(1) When the buyer fails to pay the price as it becomes due the seller may recover, together with any incidental damages under the next section, the price
(a) of goods accepted or of conforming goods lost or damaged within a commercially reasonable time after risk of their loss has passed to the buyer; and
(b) of goods identified to the contract if the seller is unable after reasonable effort to resell them at a reasonable price or the circumstances reasonably indicate that such effort will be unavailing.
(2) Where the seller sues for the price he must hold for the buyer any goods which have been identified to the contract and are still in his control except that if resale becomes possible he may resell them at any time prior to the collection of the judgment. The net proceeds of any such resale must be credited to the buyer and payment of the judgment entitles him to any goods not resold.
(3) After the buyer has wrongfully rejected or revoked acceptance of the goods or has failed to make a payment due or has repudiated (section 28:2-610), a seller who is held not entitled to the price under this section shall nevertheless be awarded damages for non-acceptance under the preceding section.
1981 Ed., § 28:2-709.
1973 Ed., § 28:2-709.
This section is referenced in § 28:2-703.
Uniform Commercial Code Comment
Prior Uniform Statutory Provision: Section 63, Uniform Sales Act.
Changes: Rewritten, important commercially needed changes being incorporated.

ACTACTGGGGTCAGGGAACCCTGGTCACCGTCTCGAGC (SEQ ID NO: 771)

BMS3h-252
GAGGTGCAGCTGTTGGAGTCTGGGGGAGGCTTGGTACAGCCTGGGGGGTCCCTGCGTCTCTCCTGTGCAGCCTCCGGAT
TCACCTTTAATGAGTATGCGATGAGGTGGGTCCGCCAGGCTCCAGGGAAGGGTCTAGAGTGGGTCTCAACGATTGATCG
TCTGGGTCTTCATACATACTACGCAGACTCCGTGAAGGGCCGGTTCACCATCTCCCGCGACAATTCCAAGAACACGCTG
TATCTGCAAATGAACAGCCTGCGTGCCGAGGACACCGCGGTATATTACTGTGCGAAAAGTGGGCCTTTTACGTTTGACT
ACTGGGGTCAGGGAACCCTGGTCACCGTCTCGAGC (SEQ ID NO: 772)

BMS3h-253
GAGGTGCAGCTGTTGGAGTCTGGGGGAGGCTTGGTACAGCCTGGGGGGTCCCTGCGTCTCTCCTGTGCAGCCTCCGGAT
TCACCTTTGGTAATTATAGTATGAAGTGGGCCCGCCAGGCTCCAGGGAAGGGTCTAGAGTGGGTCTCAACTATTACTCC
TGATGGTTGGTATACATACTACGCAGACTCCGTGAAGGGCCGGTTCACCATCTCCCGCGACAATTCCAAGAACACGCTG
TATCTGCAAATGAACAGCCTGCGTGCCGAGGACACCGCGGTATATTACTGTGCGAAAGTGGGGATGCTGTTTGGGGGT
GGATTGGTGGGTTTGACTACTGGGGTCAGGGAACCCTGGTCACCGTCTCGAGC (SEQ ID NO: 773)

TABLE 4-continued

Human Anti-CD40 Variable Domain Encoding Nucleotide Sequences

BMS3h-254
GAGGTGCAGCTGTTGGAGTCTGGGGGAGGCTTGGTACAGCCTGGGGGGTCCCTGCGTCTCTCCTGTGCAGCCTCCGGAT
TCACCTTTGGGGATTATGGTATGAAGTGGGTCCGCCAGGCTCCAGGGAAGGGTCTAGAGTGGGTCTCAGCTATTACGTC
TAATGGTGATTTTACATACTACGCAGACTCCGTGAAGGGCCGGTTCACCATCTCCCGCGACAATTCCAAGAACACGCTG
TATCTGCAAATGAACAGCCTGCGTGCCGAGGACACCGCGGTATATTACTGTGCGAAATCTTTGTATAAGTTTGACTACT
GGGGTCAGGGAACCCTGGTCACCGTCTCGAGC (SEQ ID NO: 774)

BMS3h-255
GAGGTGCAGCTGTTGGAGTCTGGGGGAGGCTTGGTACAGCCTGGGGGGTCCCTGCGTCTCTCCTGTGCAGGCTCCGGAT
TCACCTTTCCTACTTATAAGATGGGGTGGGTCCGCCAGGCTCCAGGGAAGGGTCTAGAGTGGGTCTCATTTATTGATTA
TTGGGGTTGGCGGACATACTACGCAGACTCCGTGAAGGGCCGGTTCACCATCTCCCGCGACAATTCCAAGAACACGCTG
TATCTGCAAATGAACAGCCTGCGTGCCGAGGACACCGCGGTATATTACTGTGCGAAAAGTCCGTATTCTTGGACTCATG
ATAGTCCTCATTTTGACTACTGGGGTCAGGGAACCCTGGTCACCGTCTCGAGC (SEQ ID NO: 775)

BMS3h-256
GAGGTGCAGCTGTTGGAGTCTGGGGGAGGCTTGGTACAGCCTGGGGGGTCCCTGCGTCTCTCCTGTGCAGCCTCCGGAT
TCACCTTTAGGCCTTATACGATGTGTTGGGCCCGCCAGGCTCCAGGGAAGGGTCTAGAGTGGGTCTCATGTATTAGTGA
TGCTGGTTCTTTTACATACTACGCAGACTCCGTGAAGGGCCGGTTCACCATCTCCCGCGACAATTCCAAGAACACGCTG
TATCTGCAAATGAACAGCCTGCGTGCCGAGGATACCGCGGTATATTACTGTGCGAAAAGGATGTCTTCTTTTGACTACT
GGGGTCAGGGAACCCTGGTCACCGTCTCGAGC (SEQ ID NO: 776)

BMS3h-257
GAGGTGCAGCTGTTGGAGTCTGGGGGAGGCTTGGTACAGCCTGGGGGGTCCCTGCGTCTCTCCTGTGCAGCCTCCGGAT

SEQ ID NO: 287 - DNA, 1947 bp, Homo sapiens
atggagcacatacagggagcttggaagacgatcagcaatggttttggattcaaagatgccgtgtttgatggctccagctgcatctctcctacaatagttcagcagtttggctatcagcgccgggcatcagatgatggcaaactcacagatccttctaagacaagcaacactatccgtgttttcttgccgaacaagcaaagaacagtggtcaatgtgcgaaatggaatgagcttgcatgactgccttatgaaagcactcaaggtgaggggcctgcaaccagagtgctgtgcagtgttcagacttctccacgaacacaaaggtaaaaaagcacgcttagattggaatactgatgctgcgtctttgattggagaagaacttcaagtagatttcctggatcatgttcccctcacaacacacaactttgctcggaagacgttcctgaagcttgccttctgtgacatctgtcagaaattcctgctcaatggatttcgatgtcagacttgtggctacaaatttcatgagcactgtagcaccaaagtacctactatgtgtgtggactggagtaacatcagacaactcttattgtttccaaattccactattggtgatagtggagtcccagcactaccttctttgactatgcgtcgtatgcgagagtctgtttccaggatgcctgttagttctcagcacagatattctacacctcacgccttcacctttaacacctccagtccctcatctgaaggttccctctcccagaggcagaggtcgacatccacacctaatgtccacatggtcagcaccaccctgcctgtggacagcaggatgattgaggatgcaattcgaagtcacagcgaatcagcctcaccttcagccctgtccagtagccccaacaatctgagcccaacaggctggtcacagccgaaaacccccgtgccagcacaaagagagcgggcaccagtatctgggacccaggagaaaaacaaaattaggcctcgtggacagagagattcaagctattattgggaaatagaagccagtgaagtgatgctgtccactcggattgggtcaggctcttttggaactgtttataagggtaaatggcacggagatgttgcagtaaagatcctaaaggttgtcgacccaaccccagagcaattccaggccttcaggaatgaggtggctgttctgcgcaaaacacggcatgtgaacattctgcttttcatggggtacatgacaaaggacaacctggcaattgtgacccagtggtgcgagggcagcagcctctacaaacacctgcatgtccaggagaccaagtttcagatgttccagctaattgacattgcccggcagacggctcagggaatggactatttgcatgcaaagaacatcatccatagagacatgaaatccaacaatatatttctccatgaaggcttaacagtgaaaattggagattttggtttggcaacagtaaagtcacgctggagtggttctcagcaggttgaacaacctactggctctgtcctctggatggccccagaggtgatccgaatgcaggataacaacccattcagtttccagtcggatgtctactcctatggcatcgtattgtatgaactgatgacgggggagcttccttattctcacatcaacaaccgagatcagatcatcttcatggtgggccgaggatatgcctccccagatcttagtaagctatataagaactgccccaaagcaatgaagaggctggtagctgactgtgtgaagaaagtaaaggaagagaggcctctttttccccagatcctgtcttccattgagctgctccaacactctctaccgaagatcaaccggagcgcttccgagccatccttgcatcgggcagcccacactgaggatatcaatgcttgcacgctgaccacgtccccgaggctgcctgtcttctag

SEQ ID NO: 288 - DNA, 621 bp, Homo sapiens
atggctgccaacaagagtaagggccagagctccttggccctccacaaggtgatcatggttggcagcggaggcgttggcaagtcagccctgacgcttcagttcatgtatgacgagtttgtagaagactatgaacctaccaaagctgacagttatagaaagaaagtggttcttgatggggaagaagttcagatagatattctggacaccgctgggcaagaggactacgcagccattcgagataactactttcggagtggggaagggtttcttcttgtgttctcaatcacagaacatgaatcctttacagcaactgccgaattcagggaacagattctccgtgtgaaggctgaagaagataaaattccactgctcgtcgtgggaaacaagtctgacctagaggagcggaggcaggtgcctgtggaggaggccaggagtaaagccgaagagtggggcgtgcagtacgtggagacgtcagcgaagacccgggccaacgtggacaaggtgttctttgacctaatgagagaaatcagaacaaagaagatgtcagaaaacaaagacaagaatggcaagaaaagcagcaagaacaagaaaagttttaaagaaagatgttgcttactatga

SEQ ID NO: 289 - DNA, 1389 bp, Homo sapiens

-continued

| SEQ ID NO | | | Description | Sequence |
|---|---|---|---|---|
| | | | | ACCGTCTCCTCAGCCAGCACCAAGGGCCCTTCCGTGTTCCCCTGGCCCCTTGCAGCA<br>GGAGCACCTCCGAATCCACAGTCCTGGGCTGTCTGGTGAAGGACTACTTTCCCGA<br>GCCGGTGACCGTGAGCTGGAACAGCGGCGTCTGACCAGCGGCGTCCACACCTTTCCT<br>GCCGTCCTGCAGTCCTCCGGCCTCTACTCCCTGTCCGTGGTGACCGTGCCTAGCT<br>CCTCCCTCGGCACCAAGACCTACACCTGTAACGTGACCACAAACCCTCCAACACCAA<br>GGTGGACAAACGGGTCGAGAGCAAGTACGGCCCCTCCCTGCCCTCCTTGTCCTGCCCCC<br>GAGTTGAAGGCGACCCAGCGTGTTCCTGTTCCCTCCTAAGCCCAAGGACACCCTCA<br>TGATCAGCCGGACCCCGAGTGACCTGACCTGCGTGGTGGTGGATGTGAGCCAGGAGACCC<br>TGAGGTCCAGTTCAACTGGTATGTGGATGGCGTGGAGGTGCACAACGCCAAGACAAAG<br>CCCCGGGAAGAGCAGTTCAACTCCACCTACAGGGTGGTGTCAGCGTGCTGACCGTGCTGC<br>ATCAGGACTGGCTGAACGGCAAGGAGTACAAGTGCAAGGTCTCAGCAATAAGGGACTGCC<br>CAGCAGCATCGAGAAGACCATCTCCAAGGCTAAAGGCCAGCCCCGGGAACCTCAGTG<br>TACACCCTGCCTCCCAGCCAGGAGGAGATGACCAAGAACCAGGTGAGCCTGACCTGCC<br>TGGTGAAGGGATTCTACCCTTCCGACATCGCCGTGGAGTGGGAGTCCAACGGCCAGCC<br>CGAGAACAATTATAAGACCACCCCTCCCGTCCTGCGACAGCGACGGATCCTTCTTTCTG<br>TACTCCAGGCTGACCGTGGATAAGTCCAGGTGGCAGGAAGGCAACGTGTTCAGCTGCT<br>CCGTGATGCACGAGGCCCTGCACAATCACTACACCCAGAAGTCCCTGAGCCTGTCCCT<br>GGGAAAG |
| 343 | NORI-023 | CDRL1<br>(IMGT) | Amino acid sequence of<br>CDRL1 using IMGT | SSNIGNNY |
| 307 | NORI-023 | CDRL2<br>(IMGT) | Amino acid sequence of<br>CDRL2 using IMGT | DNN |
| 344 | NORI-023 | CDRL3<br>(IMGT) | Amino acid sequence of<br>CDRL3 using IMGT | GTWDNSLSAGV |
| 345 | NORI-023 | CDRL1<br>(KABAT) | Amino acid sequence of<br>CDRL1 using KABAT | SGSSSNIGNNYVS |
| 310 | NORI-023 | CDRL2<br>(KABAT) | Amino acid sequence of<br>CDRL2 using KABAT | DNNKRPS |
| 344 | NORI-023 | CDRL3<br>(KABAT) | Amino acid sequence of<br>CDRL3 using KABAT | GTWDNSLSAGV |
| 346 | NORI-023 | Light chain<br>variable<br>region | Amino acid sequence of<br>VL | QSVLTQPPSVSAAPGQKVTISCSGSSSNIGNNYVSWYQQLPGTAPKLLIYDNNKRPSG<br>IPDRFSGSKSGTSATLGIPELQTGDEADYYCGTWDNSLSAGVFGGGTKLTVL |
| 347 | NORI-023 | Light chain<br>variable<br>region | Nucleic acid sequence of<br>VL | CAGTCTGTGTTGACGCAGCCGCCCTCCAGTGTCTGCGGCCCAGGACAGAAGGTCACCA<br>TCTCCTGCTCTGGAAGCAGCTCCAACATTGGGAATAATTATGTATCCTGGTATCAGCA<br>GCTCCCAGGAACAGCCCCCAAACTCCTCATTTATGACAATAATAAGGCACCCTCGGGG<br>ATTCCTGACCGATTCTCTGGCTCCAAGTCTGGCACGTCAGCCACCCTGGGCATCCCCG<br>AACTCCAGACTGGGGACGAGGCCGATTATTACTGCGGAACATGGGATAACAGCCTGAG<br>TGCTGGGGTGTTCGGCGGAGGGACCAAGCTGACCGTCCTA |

Purposes of Changes: To make it clear that:
1. Neither the passing of title to the goods nor the appointment of a day certain for payment is now material to a price action.
2. The action for the price is now generally limited to those cases where resale of the goods is impracticable except where the buyer has accepted the goods or where they have been destroyed after risk of loss has passed to the buyer.
3. This section substitutes an objective test by action for the former “not readily resalable” standard. An action for the price under subsection (1)(b) can be sustained only after a “reasonable effort to resell” the goods “at reasonable price” has actually been made or where the circumstances “reasonably indicate” that such an effort will be unavailing.
4. If a buyer is in default not with respect to the price, but on an obligation to make an advance, the seller should recover not under this section for the price as such, but for the default in the collateral (though coincident) obligation to finance the seller. If the agreement between the parties contemplates that the buyer will acquire, on making the advance, a security interest in the goods, the buyer on making the advance has such an interest as soon as the seller has rights in the agreed collateral. See Section 9-204.
5. “Goods accepted” by the buyer under subsection (1)(a) include only goods as to which there has been no justified revocation of acceptance, for such a revocation means that there has been a default by the seller which bars his rights under this section. “Goods lost or damaged” are covered by the section on risk of loss. “Goods identified to the contract” under subsection (1)(b) are covered by the section on identification and the section on identification notwithstanding breach.
6. This section is intended to be exhaustive in its enumeration of cases where an action for the price lies.
7. If the action for the price fails, the seller may nonetheless have proved a case entitling him to damages for non-acceptance. In such a situation, subsection (3) permits recovery of those damages in the same action.
Cross References: Point 4: Section 1-106.
Point 5: Sections 2-501, 2-509, 2-510 and 2-704.
Point 7: Section 2-708.
Definitional Cross References: “Action”. Section 1-201.
“Buyer”. Section 2-103.
“Conforming”. Section 2-106.
“Contract”. Section 1-201.
“Goods”. Section 2-105.
“Seller”. Section 2-103.